Everything You Need to Know About Prostate Cancer Surgery

If your prostate becomes too large, you may experience symptoms like difficulty in urination, frequent urges to urinate, painful urination or ejaculation, presence of blood in your urine, etc. Prostate cancer has the same symptoms; visit a doctor as soon as possible for a prostate exam.

What Does a Prostate Exam Involve?

A prostate exam requires the doctor to feel your prostate using a finger. This is usually done by inserting a finger into your rectum, which helps the doctor feel the size, texture and shape of your prostate.

What Does a Prostate Cancer Exam Involve?

The doctor may insert a finger in your rectum as indicated above, but the best way is usually to carry out a PSA (prostate-specific antigen) test. This is a blood test to check for PSA levels in your blood; a small amount is okay. High levels of PSA might mean that there is a problem with your prostate. It can be that it is inflamed, infected, enlarged or you have prostate cancer.

If the doctor suspects you have prostate cancer, an ultrasound or MRI is requested for better visualisation. A biopsy can also be carried out; this involves taking a sample of your prostate tissue and testing it for cancer cells.

What Happens If You Have Prostate Cancer?

Your doctor will carry out further tests to determine the type of cancer you have, which could be any of the following three types of cancer:

  • Low-risk — this is cancer that cannot spread to other organs; it is confined to your prostate.
  • Medium-risk — this is cancer that is confined in your prostate, but there is a chance that it might spread.
  • High-risk — this is cancer that has already spread to other organs.

Tests carried out include a Gleason score test, bone scan, CT scan, MRI, ultrasound and PET scan. The Gleason score test grades the prostate cells obtained during a biopsy. A score of six means you have low-risk cancer, seven means you have medium-risk cancer and eight to ten means high-risk prostate cancer. Bone scans, CT scans, MRIs, ultrasounds and PET scans are then used to find out how far your cancer has grown.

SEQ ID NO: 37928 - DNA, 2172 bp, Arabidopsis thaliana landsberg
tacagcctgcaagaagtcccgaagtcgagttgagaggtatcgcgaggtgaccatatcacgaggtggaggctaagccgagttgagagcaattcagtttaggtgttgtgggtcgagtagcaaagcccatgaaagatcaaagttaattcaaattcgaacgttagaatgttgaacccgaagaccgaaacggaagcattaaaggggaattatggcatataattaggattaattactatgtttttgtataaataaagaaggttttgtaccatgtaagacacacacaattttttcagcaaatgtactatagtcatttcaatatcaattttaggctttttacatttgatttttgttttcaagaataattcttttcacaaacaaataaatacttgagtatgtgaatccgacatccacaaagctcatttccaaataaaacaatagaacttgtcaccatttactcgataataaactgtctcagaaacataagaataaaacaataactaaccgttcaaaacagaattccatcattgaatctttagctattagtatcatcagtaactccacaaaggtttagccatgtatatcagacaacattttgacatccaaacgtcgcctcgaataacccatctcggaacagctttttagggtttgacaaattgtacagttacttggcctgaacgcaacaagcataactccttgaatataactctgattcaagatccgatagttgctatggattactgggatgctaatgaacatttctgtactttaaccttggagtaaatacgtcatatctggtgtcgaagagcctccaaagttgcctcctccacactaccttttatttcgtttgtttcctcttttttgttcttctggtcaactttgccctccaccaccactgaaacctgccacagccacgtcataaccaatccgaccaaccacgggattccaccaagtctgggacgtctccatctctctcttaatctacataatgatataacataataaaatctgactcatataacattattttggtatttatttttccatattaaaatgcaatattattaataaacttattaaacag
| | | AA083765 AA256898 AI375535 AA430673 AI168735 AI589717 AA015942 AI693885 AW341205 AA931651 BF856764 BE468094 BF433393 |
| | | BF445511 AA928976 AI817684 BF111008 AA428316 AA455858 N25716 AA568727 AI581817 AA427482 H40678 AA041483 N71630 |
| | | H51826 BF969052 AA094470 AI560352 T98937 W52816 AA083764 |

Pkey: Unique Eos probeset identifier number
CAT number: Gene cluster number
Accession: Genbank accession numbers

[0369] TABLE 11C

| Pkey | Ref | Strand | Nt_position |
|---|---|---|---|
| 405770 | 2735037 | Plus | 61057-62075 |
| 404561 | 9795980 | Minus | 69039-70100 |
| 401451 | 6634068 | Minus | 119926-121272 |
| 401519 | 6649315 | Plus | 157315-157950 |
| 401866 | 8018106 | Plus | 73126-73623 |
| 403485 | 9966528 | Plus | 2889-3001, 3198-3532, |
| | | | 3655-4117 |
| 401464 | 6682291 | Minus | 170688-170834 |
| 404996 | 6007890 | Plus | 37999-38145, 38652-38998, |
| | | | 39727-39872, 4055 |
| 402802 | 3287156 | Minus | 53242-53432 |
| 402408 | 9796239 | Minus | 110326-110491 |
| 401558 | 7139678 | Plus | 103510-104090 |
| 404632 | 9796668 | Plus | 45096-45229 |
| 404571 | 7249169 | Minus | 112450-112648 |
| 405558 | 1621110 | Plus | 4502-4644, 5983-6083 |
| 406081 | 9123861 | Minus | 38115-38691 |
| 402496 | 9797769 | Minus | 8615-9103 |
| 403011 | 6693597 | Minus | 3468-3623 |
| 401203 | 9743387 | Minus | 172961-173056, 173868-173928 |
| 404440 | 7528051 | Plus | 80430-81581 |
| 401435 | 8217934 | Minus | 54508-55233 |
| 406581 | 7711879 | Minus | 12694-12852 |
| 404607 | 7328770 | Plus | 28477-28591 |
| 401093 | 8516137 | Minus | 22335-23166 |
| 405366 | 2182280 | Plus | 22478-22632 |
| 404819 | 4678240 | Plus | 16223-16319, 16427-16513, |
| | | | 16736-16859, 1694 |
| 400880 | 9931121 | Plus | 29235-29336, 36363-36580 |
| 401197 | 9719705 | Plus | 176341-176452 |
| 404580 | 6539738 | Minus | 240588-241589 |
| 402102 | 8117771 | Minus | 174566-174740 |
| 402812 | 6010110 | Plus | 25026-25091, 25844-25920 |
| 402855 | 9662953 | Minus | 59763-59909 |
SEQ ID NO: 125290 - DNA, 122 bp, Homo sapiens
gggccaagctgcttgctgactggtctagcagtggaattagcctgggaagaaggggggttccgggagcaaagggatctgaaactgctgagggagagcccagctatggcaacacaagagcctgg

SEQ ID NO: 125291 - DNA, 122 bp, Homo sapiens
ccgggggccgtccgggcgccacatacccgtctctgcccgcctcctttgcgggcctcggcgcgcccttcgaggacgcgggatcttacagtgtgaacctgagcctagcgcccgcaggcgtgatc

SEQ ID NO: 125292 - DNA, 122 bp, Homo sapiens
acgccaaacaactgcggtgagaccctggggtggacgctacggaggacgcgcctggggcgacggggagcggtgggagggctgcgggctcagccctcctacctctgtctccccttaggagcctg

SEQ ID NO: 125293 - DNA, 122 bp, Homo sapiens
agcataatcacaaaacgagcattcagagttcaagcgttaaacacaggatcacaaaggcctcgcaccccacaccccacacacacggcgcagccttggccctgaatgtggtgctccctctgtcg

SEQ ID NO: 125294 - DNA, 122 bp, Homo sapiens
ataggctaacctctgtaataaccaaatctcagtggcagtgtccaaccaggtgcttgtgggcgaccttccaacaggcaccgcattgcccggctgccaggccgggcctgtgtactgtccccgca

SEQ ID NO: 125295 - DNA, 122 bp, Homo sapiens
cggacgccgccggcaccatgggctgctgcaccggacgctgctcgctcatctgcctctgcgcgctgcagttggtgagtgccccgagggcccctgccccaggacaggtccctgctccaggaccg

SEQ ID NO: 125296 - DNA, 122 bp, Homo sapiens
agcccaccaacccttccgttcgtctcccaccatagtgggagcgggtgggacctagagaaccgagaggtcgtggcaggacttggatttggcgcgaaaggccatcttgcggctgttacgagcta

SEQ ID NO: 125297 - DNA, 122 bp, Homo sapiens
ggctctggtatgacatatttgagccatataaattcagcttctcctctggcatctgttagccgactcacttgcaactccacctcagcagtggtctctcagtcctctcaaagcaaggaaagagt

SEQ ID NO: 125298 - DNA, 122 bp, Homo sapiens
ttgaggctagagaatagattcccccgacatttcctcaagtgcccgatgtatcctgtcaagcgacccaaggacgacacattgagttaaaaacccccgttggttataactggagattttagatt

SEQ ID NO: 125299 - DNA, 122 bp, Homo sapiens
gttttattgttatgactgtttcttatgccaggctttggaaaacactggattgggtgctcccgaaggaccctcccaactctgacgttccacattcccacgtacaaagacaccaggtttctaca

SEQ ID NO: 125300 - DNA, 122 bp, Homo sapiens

Prostate Cancer Surgery and Other Treatments

Before recommending prostate cancer surgery, your prostate surgeon may recommend treatments like radiation therapy, chemotherapy and cryotherapy. If these treatments do not work, or the surgeon, through experience and the state of your cancer knows that they will not work, prostate cancer surgery may be recommended.

How the surgery is performed depends on the grade of prostate cancer. Three types of prostate cancer surgeries include:

  • Laparoscopic radical prostatectomy for low and medium risk prostate cancer
  • Robotic-assisted radical prostatectomy for low and medium risk cancer
  • Open radical prostatectomy for high-risk cancer 

The difference between these methods is that laparoscopic and robotic-assisted radical prostatectomy utilise modern tools that only require a small incision to be made on your skin. An open radical prostatectomy means opening you up to reach where the cancer has spread.